This play is a contemporary comedy written for performers aged 13 to 16, depending on ability and maturity of the cast. It will play well to audiences of peers, as well as parents/teachers.
Thematically it addresses popularity, friendship and loyalty, and self-confidence.
Catarina Brown has a very rich fantasy life, and if often caught daydreaming by her friends and her parents. She is in love with the most popular boy in school, Chad Splarht, and is ignorant of the crush that her best friend, James, has on her.
Catarina’s other close friend is her cousin, Bronte, who is the same age. Bronte hangs out with the cool girls and would love for Catarina to join their group.
Catarina cannot believe her luck when Chad finds her at parent/teacher night to tell her that they have been assigned to perform the balcony scene from Romeo and Juliet. Her parents seem determined to embarrass her, but she is secretly excited about the plans to rehearse and perform a scene that requires Chad to kiss her. Bronte and her girlfriends ambush Catarina in an attempt to give her a makeover, so that she will be worthy of Chad Splarht.
Meanwhile, James befriends the ‘new kid’, Salman, who has just immigrated to the area from overseas. Salman has an idea about how James can win Catarina’s heart, but the plan backfires. James writes a poem to Catarina, but through a misunderstanding, she thinks it is from Chad.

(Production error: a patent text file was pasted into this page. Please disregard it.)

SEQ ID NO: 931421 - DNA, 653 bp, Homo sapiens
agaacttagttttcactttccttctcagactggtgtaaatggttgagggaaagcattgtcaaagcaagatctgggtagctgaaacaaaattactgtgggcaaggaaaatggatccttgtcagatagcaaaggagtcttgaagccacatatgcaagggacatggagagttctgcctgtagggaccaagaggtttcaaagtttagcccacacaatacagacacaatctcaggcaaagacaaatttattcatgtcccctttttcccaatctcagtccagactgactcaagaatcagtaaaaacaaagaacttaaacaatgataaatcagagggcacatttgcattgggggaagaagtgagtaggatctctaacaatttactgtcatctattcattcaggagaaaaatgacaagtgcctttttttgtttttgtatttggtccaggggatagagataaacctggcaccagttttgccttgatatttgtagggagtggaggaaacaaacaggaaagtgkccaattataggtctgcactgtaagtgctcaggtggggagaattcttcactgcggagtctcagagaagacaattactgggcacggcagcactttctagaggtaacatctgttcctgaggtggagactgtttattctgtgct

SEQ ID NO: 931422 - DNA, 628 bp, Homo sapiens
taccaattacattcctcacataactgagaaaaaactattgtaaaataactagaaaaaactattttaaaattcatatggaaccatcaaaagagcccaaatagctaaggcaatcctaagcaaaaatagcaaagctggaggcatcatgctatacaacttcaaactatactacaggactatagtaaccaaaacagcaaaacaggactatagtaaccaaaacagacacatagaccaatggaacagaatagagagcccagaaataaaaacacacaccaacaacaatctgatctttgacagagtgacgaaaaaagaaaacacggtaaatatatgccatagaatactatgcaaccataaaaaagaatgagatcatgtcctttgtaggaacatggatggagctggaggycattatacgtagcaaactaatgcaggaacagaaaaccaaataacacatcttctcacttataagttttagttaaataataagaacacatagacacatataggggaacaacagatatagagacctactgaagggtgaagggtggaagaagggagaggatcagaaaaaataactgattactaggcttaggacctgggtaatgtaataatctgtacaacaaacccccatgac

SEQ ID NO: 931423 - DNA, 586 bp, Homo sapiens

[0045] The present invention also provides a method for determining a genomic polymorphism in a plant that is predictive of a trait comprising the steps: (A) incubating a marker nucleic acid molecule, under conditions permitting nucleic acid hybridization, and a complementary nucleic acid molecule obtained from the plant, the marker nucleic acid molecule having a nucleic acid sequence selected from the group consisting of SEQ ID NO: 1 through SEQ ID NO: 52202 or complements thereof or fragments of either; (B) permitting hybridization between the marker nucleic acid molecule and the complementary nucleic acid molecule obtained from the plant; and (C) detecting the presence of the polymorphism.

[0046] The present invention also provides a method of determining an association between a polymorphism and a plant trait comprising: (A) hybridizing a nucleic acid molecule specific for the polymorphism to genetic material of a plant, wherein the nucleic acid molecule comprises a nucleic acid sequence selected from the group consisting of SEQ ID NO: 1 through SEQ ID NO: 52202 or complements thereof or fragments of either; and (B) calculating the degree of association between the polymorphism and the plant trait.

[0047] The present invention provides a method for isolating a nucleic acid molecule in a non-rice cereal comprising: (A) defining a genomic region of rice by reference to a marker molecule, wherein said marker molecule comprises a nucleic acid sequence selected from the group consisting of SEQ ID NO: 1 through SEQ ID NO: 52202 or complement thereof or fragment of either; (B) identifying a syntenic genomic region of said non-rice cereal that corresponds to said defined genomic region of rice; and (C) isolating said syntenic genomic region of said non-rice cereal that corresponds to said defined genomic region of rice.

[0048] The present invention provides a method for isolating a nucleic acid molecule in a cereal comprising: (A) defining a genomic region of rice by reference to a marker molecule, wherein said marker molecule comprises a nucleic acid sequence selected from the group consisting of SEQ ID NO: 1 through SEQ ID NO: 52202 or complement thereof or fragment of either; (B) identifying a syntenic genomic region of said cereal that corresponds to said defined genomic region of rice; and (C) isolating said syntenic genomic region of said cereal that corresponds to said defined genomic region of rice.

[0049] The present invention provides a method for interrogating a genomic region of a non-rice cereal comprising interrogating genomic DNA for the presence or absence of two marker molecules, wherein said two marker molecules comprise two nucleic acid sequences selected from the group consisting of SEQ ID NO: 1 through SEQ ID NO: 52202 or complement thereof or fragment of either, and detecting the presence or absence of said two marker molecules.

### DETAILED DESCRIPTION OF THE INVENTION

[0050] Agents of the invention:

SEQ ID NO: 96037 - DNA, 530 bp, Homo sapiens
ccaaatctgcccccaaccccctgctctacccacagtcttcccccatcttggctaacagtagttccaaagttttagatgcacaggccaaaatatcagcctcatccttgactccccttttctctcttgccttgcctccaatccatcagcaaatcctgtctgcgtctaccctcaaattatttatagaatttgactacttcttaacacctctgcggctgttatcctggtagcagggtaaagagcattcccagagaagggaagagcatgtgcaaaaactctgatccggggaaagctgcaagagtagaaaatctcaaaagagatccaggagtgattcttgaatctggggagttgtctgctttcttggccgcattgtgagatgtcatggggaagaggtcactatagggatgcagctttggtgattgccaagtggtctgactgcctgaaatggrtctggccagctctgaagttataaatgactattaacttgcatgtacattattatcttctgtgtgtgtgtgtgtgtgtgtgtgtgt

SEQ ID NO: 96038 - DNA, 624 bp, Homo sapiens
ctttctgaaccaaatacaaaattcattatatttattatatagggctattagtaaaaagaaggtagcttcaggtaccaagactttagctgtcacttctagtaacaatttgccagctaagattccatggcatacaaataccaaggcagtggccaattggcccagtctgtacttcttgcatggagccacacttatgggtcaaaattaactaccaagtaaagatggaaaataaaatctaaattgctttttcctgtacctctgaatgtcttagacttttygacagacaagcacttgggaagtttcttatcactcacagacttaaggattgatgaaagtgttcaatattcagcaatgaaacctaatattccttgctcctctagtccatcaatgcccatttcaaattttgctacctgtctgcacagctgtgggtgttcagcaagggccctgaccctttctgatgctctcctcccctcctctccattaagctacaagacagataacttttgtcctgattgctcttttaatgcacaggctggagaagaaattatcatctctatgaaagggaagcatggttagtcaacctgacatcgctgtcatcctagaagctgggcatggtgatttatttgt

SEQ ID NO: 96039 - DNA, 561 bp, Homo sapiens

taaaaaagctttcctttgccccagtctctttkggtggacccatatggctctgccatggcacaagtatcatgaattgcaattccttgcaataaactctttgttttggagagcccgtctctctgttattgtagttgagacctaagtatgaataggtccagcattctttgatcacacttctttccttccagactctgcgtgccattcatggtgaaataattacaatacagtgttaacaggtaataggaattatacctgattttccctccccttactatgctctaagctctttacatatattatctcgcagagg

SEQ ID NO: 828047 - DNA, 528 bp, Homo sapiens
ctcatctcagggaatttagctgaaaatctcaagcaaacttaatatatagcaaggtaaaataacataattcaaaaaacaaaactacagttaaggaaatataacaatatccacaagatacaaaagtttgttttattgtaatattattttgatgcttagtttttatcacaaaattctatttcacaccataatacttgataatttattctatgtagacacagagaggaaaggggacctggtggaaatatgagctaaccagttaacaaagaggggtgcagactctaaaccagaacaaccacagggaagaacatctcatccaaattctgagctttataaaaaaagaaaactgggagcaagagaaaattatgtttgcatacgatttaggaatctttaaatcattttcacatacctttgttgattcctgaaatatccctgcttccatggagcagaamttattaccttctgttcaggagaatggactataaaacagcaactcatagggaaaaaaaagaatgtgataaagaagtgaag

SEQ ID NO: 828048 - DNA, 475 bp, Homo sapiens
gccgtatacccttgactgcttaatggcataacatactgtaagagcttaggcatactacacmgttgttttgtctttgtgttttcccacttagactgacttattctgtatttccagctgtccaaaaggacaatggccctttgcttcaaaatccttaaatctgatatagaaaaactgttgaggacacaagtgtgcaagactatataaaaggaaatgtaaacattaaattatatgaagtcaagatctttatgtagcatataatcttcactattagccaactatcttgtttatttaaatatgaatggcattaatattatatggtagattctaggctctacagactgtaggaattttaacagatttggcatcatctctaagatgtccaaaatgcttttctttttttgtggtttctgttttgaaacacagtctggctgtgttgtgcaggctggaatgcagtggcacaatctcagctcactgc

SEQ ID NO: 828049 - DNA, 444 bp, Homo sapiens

In a humiliating scene, Catarina thanks Chad for the poem in front of everyone. He dismisses the possibility rudely, and Catarina is mortified. James, upset that Catarina thought the poem was from Chad, leaves. Salman then reveals to Catarina that it was James who wrote the poem. Catarina doesn’t know what to do. James is her best friend and she has never thought of him romantically, but she knows she must talk to him. She finds him at his usual hiding place and they talk about what happened. She asks him if he wants to try dating and the play ends with two friends smiling, wondering how things will work out between them.
Sandy Barker started writing plays for her students some time ago and is pleased to be able to share them with other Drama teachers across the world. As a playwright and Drama teacher, she strives to provide meaningful parts for a large cast of mixed abilities. Additionally, her one-act plays are simply-staged and draw on themes that are relevant to the performers and audiences. Sandy has a degree in Theater Arts and English Literature from Curtin University in Australia, as well as a post-graduate degree in Education, and started teaching high school Drama in 1994. Before moving to the United States in 2008, she was Head of Drama at Brigidine College in Sydney. From 2001 to 2004 she taught an extra-curricular Drama program to children aged 4 to 16 through the Helen O’Grady Drama Academy. From 2005 to 2008, she was an examiner for the high school Drama performance exams for New South Wales.
Excerpt from the play:
CAST OF CHARACTERS
CATARINA BROWN (CAT) A troubled teenage girl
CATARINA’S CONSCIENCE Her inner thoughts (Voice Over) and ‘fantasy’ enactments
MOM Catarina’s mother